Joseph E. Gagnon Murat F. Iyigun Jon Faust John Irons Jay H. BVson Chih-huan Chen David D. VanHoose Ha.liJ. Edison Martina Copelman Kari H. Eika Neil R. Ericsson Ragnar Nymoen Martina Copelman

Money,politicsandthepost-War usiness ycle b c Implications Economic of Interdependence and
Exchange Rate Policy on Endogenous Wage indexation Decisions

570 569 568

The Reaction of Exchange Rates and Intemt Rates to News Releases The Role of C~dit in Post-Stabilization Consumption Booms Hazards in Implementing a Monetary Conditions Index Financial Innovation And The Speed of Adjustment of Money Demand: Evidence From Bolivia, Israel, And Venezuela Long-Term Evidence on the Tobin and Fisher Effects: A New Approach Some Evidence on the Efficacy of the UK Inflation Targeting Regime: An Out-of-Sample Fo~cast Approach The Use of the Parallel Market Rate as a Guide to Setting the Official Exchange Rate Country Fund Discounts and the Mexican Crisis of December 1994: Did Local Residents Turn Pessimistic Befo~ International Investors?

567

566 565

Shaghil Ahmed John H. Rogers Chan Huh

564 563

Nita Ghei Steven B. Kamin Jeff~y A. Frankel Sergio L. Schmukler

Please address ~quests for copies to International Finance Discussion Papers, Division of International Finance, Stop 24, Board of Governors of the Federal Rese~e System, Washington, DC 20551. Email: graym@frb.gov. Fax: (202)736-5638.

30

International Finance Discussion Papers

IFDP Number

Titles 1996

Author(s).

562

Eastern European Export Performance during the Transition Inflation-Adjusted Potential Output The Management of Financial Risks at Gen-nan Nonfinancial Firms: The Case of Metallgesellschaft Broad Money Demand and Financial Liberalization in Greece Stockholding Behavior of U.S. Households: Evidence from the 1983-89 Survey of Consumer Finances Fim Size and the Impact of Profit-Margin Uncertainty on Investment: Do Financing Constraints Play a Role? Regulation and the Cost of Capital in Japan: A Case Study The Sovereignty Option: The Quebec Referendum and Market Views on the Canadian Dollar Real Exchange Rates and Inflation in Exchange-Rate Based Stabilizations: An Empirical Examination Macroeconomic State Variables as Determinants of Asset Price Cova.riances The Tequila Effect: Theory and Evidence from Argentina The Accumulation of Human Capital: Alternative Methods and Why They Matter Alternatives in Human Capital Accumulation: Implications for Economic Growth

Nathan Sheets Simona Boata Jane T. Ha]tmaier Allen B. Frankel David E. Palmer Neil R. Ericsson Sunil Sharma Carol C. Bertaut

561 560

559

558

557

Vivek Ghosal Prakash Loungani John Ammer Michael S. Gibson Michael P. Leahy Charles P. Thomas Steven B. Kamin

556

555

554

553

John Ammer

552 551

Martin Uribe

Murat F. Iyigun Ann L. Owen Murat F. Iyigun Ann L. Owen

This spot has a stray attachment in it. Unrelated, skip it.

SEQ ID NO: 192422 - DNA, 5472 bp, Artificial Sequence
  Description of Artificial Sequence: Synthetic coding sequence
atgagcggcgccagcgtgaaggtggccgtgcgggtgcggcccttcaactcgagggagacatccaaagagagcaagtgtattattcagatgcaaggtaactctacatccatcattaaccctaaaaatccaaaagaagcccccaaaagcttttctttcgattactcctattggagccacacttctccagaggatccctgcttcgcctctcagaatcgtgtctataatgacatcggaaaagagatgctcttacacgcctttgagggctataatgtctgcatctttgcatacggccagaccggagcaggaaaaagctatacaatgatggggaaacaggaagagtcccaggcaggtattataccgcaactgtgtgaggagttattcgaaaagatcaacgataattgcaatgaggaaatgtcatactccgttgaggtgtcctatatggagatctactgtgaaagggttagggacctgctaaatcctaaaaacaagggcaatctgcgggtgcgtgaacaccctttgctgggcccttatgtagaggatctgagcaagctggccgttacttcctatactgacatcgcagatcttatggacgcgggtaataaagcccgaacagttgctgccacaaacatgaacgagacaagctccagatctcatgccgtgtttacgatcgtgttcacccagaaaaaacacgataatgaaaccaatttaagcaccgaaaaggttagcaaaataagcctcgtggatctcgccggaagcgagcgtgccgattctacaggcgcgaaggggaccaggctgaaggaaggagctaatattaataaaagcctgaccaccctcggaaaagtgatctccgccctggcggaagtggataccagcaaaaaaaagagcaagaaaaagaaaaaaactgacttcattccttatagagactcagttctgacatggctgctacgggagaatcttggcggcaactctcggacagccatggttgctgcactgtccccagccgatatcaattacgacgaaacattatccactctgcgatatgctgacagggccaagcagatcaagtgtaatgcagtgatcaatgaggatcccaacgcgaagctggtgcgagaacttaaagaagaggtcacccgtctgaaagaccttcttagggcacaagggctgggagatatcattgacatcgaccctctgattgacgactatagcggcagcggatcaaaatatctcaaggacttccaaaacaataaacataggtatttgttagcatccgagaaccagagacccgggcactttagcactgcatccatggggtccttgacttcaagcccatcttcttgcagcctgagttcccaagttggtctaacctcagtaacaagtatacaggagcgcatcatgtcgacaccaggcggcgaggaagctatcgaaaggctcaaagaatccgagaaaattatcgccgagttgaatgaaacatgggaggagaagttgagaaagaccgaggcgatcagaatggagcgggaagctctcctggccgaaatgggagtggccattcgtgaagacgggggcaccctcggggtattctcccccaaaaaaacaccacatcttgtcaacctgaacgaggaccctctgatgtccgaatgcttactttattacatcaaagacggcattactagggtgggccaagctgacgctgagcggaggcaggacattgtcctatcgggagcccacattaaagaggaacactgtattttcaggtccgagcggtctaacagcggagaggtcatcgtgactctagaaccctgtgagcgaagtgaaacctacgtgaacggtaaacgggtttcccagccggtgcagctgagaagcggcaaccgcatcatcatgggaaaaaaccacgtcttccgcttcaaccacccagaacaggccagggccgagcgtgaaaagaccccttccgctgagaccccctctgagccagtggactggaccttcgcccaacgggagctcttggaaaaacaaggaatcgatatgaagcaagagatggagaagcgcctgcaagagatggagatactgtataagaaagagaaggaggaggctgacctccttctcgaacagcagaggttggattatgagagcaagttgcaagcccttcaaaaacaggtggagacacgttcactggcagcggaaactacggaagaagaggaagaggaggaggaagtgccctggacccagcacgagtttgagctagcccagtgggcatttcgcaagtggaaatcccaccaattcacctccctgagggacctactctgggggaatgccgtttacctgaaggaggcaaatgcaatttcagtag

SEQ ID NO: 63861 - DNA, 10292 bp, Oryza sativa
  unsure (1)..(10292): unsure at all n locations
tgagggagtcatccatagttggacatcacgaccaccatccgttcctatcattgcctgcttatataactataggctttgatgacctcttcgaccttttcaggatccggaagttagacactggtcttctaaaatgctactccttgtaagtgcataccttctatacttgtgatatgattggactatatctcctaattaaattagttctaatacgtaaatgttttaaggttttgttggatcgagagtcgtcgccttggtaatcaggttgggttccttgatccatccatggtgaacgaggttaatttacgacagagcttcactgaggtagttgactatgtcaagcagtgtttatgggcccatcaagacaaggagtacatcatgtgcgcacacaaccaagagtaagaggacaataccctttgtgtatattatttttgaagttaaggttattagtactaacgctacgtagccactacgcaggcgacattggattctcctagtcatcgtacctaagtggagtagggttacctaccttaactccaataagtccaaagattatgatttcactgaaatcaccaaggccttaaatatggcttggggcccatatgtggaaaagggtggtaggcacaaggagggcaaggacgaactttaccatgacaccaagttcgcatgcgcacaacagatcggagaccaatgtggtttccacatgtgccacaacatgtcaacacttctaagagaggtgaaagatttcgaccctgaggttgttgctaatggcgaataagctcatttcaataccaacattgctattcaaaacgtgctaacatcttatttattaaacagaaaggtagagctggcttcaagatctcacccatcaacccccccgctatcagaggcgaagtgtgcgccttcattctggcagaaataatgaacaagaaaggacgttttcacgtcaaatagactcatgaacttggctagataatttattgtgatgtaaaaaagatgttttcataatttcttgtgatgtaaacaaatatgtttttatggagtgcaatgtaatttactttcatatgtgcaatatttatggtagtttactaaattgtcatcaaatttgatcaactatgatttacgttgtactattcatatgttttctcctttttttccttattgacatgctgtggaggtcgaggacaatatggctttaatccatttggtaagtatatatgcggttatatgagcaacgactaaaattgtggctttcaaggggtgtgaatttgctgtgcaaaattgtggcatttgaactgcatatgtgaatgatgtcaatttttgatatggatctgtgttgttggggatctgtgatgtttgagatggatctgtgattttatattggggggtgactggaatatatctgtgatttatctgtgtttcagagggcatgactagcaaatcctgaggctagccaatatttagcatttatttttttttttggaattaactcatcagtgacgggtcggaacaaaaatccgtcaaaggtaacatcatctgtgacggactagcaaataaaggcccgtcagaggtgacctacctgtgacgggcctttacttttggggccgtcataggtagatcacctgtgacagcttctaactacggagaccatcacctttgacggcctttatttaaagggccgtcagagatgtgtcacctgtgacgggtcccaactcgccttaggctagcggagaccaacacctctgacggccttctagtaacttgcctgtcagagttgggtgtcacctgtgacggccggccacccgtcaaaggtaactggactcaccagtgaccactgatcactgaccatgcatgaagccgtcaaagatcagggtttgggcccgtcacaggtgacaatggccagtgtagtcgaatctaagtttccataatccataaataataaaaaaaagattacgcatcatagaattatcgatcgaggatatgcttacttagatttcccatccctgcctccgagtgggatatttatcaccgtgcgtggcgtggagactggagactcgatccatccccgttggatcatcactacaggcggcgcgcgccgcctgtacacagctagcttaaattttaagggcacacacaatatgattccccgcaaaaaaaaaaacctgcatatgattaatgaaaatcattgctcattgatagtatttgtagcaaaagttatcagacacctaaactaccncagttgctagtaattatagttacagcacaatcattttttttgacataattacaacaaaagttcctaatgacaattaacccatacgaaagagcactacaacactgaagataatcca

550

31

International Finance Discussion Papers

IFDP Number

Titles 1996

Author(s)

549

More Evidence on the Link between Bank Health and Investment in Japan The Syndrome of Exchange-Rate-Based Stabilization and the Uncertain Duration of Currency Pegs German Unification: What Have We Learned from Multi-Country Models?

Michael S. Gibson

548

Enrique G. Mendoza Martin Uribe

547

Joseph E. Gagnon Paul R. Masson Warwick J. McKibbin Susanto Basu John G. Femald Guillen-no A. Calvo

546

Returns to Scale in U.S. Production: Estimates and Implications Mexico’s Balance-of-Payments Crisis: A Chronicle of Death Foretold The Twin Crises: The Causes of Banking and Balance-of-Payments Problems High Real Interest Rates in the Aftermath of Disinflation: Is it a Lack of Credibility? Precautionary Portfolio Behavior from a Life-Cycle Perspective Using Options Prices to Infer PDF’s for Asset Prices: An Application to Oil Prices During the Gulf Crisis Monetary Policy in the End-Game to Exchange-Rate Based Stabilizations: The Case of Mexico Comparing the Welfare Costs and the Initial Dynamics of Alternative Temporary Stabilization Policies Long Memory in Inflation Expectations: Evidence from International Financial Markets

545

544

Graciela L. Kaminsky Carmen M. Reinhart Graciela L. Karninsky Leonardo Leiderman Carol C. Bertaut Michael Haliassos William R. Melick Charles P. Thomas Steven B. Karnin John H. Rogers Martin Uribe

543

542

541

540

539

538

Joseph E. Gagnon

32

International

Finance Discussion Papers

IFDP Number

Titles 1996

Author(s)

537

Using Measures of Expectations to Identify the Effects of a Monetary Policy Shock Regime Switching in the Dynamic Relationship between the Federal Funds Rate and Innovations in Nonborrowed Reserves The Risks and Implications of External Financial Shocks: Lessons fmm Mexico Currency Crashes in Emerging Markets: An Empirical Treatment Regional Patterns in the Law of One Price: The Roles of Geography Vs. Currencies

AlIan D. Bmnner

536

Chan Huh

535

Edwin M. Truman

534

Jeffrey A. Frankel Andrew K. Rose Charles Engel John H. Rogers

533

Board of Governors of the Federal Reserve System

International Finance Discussion Papers Number 574 December 1996

NET FOREIGN ASSETS AND EQUILIBRIUM EXCHANGE RATES: PANEL EVIDENCE

Joseph E. Gagnon

NOTE: International Finance Discussion Papers are preliminary materials circulated to stimulate discussion and critical comment. References in publications to International Finance Discussion Papers (other than an acknowledgment that the writer has had access to unpublished material) should be cleared with the author or authors.